We haven’t done this in a while, but it’s Friday and there were a number of Jays-related tidbits in yesterday’s chat between Keith Law and his readers at ESPN.com, so… uh… yeah. Let’s lay down some law!
I know you were never a big Bickford fan, but if the Jays don’t sign him, that would have to leave them with the worst draft relative to what was available to them, no?
Possibly – I haven’t looked at all of the classes now that we’re almost done with signings, but they will probably leave without a true first-round talent. By the way, I want to reiterate what I said on Twitter: The Jays have NOT specified or ruled out any reason for their failure to come to an agreement with Bickford. It could have been money, medicals, a change of heart by the player, or something unexpected. We just do not know.
James (WV )
What is up with the Jays? How could they pass on talents like Shipley, Peterson, and Renfroe to take Bickford, without being 100% sure that he would sign? Is AA’s job in trouble? Between this, the Jays season, and the Dickey trade, he’s had a bad year..If they finish below .500 is he toast?
You’re making a large assumption that they weren’t 100% sure he would sign. What if he agreed to a number and then changed his mind? Would you reward that by paying the player more, thus signaling to all agents and players that you will cave if challenged in that way?
Hard to disagree with anything here. Mike Wilner touches on the Bickford situation in a post up at Sportsnet, noting that at the bare minimum the Jays will have made an offer of $1.2-million– because clubs need to have offered 40% of slot in order to get a compensation pick the next year. Interestingly, that’s exactly the percentage of slot second rounder Clinton Hollon signed for– though, assuming there’s nothing wrong with Bickford’s arm, I’d have to believe they offered even more. Whatever the number, Law agrees with a real sharp cookie on Twitter about the whole mess:
Exactly. RT @AndrewStoeten: The Jays are not afraid to let prep arms take unbelievably awful advice from their advisors. Sucks for the kids.
— keithlaw (@keithlaw) July 11, 2013
What are your thoughts on the (stupid) possibility of moving Lawrie to 2b? Did he show anything in the minors with MIL that he couldn’t handle the position, or was he simply switched to 3rd when traded because Hill had 2nd locked down for the Jays?
Athletic enough for it, but man is that risky for a guy who’s already been hurt a bunch.
Also a bit of a waste of his arm (though he’ll be able to use it to his advantage when turning double plays). I’ve always maintained, in dismissing talk of moving him back, that the Jays moved him off the position in the first place for a reason, but… if that reason was because he was blocked or because he wasn’t as good a defender then as he is now, or even because they thought his bat would play at third and now they don’t, I guess I get it. Doesn’t hurt that they’ll probably have better luck finding an upgrade, both offensively and defensively, on the market for third basemen rather than if they limit themselves to looking at second.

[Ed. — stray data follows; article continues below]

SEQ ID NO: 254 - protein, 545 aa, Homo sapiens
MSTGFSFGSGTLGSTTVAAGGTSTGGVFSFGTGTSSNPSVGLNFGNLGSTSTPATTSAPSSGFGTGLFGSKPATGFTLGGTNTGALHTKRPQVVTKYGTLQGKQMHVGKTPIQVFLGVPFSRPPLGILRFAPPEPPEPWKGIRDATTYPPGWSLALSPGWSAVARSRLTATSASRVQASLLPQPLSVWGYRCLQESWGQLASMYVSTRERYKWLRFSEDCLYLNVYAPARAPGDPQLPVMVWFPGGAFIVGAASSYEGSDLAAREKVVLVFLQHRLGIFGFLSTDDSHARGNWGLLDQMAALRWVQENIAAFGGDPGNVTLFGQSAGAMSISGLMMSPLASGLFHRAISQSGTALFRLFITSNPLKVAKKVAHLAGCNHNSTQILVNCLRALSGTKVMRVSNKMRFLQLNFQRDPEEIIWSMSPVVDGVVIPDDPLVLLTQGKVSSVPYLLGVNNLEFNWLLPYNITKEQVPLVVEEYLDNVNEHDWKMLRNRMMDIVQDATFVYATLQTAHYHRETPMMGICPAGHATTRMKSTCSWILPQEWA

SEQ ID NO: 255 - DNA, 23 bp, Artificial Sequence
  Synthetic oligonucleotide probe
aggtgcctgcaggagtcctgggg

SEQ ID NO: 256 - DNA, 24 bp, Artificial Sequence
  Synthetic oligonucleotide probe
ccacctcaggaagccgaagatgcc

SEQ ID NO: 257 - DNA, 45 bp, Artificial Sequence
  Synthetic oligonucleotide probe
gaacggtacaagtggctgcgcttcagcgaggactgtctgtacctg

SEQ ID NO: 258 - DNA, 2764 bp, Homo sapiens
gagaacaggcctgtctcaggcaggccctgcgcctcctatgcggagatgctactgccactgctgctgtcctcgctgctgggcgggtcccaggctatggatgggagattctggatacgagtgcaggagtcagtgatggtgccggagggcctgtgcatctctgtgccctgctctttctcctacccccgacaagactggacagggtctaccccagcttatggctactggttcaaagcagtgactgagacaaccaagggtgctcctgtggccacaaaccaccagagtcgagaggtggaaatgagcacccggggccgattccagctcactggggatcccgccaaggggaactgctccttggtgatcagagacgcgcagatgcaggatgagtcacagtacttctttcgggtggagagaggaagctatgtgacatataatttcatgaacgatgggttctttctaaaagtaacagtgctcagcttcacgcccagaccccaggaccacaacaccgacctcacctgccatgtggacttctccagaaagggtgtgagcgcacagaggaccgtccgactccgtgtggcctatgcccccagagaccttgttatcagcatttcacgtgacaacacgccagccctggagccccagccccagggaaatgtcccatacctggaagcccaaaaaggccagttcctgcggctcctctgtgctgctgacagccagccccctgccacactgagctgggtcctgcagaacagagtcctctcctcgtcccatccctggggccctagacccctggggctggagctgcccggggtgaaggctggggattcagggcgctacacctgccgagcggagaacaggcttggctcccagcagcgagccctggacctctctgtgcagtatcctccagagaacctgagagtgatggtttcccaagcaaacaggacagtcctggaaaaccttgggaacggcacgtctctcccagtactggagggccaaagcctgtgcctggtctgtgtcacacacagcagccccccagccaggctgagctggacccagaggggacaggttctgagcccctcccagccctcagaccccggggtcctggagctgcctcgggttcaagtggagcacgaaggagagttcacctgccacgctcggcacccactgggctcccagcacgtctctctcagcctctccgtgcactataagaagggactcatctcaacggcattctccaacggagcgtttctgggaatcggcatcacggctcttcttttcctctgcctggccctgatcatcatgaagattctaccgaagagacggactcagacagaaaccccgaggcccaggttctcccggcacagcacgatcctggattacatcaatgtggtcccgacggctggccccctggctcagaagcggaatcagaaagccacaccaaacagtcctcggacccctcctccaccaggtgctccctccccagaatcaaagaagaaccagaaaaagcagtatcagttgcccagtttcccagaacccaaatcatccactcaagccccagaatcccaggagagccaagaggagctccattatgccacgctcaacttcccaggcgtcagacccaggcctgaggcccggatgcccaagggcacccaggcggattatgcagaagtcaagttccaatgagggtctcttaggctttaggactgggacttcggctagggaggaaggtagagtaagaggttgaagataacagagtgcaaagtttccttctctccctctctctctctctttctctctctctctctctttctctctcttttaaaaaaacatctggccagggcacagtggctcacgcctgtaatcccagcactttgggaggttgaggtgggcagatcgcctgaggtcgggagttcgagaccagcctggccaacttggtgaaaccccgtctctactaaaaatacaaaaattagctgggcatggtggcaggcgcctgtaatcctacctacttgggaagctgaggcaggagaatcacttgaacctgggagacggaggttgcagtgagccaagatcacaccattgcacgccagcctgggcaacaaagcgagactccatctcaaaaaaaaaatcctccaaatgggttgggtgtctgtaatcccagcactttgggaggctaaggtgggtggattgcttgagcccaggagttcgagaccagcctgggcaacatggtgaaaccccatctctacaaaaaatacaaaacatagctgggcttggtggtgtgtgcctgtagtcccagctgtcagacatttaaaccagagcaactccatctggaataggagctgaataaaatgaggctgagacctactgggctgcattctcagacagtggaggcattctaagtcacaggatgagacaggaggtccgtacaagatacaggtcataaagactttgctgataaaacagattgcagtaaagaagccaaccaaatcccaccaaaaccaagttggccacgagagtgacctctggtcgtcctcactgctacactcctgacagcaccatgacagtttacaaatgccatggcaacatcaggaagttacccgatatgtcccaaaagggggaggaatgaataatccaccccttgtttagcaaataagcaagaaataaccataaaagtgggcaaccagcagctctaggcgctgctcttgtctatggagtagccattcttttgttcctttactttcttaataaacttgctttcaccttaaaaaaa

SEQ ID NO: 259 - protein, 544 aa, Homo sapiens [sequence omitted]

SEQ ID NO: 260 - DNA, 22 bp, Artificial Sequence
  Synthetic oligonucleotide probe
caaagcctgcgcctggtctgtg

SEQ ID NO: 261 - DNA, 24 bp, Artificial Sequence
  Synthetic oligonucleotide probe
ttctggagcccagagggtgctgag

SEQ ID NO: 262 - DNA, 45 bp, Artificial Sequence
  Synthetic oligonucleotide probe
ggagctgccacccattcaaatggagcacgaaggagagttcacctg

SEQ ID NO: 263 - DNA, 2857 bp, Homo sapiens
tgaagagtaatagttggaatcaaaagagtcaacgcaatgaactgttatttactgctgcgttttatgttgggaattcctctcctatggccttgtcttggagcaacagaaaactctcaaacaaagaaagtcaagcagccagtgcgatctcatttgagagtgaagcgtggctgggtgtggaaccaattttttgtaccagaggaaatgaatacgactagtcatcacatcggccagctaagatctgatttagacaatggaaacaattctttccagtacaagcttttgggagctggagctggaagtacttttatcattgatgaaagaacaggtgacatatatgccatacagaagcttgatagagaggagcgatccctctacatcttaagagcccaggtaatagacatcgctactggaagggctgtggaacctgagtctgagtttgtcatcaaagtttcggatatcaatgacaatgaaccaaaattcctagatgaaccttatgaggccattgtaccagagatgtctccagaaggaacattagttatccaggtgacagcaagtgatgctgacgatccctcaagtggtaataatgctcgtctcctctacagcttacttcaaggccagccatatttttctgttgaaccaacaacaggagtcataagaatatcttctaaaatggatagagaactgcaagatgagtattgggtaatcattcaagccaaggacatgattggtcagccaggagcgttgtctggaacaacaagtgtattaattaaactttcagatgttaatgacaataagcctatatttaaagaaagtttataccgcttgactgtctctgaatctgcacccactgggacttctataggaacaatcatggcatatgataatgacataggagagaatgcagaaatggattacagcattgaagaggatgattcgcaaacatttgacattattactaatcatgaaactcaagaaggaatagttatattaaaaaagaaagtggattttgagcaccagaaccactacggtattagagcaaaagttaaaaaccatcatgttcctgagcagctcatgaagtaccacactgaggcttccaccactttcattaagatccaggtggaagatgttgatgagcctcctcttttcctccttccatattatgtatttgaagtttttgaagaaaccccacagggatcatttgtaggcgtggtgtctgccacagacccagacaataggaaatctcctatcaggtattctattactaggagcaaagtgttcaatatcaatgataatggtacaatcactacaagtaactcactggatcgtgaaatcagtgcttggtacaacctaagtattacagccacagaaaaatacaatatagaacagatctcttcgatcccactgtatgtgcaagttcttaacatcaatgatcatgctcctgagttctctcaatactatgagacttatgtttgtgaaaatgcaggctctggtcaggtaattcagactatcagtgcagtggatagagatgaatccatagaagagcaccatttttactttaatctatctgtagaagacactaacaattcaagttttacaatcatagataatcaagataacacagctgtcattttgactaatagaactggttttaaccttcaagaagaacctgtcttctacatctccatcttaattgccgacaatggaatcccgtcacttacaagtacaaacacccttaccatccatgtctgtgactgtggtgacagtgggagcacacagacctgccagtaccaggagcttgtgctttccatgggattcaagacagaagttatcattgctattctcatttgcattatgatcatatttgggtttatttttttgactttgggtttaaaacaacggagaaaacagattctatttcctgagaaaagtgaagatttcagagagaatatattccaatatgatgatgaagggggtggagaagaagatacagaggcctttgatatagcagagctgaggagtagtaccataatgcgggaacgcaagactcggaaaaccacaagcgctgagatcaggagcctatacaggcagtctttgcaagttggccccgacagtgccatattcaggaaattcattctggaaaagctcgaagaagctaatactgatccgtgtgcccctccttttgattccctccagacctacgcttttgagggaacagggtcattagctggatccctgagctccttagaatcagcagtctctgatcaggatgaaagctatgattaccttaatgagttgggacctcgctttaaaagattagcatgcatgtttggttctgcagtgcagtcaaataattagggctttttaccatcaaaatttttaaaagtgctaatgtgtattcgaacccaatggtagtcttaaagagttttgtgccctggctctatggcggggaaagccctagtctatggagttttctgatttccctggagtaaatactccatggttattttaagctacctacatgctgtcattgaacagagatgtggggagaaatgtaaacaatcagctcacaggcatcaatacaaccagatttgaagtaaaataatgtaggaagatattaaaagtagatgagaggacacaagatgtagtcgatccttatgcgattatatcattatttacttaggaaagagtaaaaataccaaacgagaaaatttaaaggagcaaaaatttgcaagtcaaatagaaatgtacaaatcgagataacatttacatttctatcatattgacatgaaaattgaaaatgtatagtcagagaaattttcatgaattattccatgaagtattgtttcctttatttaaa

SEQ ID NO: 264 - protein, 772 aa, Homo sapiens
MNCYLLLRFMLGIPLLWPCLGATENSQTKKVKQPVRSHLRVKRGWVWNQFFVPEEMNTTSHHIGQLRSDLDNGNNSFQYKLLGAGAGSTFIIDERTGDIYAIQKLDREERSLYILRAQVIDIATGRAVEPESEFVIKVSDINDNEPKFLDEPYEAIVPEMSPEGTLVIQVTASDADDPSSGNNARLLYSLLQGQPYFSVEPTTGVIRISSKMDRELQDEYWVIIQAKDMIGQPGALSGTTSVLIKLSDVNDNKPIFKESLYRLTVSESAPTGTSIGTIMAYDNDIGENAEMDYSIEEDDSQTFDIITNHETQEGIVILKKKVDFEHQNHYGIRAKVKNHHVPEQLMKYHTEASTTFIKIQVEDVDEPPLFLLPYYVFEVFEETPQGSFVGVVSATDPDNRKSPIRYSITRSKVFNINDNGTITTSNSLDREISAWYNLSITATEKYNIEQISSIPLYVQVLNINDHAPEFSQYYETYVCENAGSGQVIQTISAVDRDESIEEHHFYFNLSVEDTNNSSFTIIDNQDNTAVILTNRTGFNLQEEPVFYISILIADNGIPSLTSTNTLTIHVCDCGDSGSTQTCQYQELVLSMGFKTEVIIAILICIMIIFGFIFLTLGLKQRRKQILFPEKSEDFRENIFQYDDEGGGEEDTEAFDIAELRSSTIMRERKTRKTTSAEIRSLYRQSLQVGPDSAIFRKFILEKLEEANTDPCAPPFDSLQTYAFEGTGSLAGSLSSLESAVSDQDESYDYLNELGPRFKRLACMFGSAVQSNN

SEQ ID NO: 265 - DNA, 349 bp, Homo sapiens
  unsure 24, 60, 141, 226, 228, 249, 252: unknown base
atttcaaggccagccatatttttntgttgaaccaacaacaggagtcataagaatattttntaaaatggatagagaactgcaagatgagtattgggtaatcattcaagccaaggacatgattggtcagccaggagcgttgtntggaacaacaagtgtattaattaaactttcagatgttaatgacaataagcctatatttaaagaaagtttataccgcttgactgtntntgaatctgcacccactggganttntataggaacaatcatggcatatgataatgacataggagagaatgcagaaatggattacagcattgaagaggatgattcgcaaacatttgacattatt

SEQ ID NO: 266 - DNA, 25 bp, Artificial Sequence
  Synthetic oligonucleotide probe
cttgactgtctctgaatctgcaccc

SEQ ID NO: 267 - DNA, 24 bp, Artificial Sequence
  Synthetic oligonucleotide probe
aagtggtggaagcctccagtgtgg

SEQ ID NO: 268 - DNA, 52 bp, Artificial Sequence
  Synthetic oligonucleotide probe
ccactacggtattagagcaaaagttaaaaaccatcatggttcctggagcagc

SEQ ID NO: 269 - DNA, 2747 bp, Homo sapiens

What’re your thoughts on Noah Syndergaard? Read a report recently that said a scout compared him as a “Harvey Wheeler” type. Any truth to that?
Harvey Wheeler never did anything worthwhile after “Flagpole Sitta” anyway.
On Syndegaard – any word on how the development of a breaking pitch is going?
Same. Nowhere near consistent enough. I’ll see him Sunday, when it should be better because it’s one inning and he can just air it out.
Law says in a later reply that a bigger report on Syndergaard from him is coming. With all the scout slobber on Nose Snygen’s balls we’ve seen lately, it’ll be nice– in a completely selfish way as Jays fans– to read something that’s presumably not quite so glowing. Even though, y’know, a lot of other people are high on him and, it seems, getting higher.
Re: short starting pitchers, are your fears for Gray similar to what we see with Stroman in AA, where his numbers are all good expect for the homer rate? Do you think he’s ready for AAA or the majors?
Correct, that and the lack of swings and misses on Stroman’s fastball.
Do not like this one bit. Though, at the very least, it’s a reason to understand how minor league numbers can be misleading. Stroman’s ground ball rate, according to Minor League Central, currently sits below 40%, and he’s allowed fly balls 38% of the time (a rate which, were he a qualified pitcher in the Majors, would rank among the 25 highest), so… that’s maybe an indicator that he’s not keeping balls down the way you’d want him to. However, if you dig deeper, and look at his monthly splits this year, they’re at least trending in the right direction (44.8% GB and 31% FB through 51 batters faced in July).
Were you with the Jays when they drafted Arencibia? What were your thoughts of him at the time?
I was not. I thought he was probably a backup, had power and arm, looked like he would struggle to hit and receive. Had a year in there where it appeared I was too light on him, but he regressed after that.
He sure did!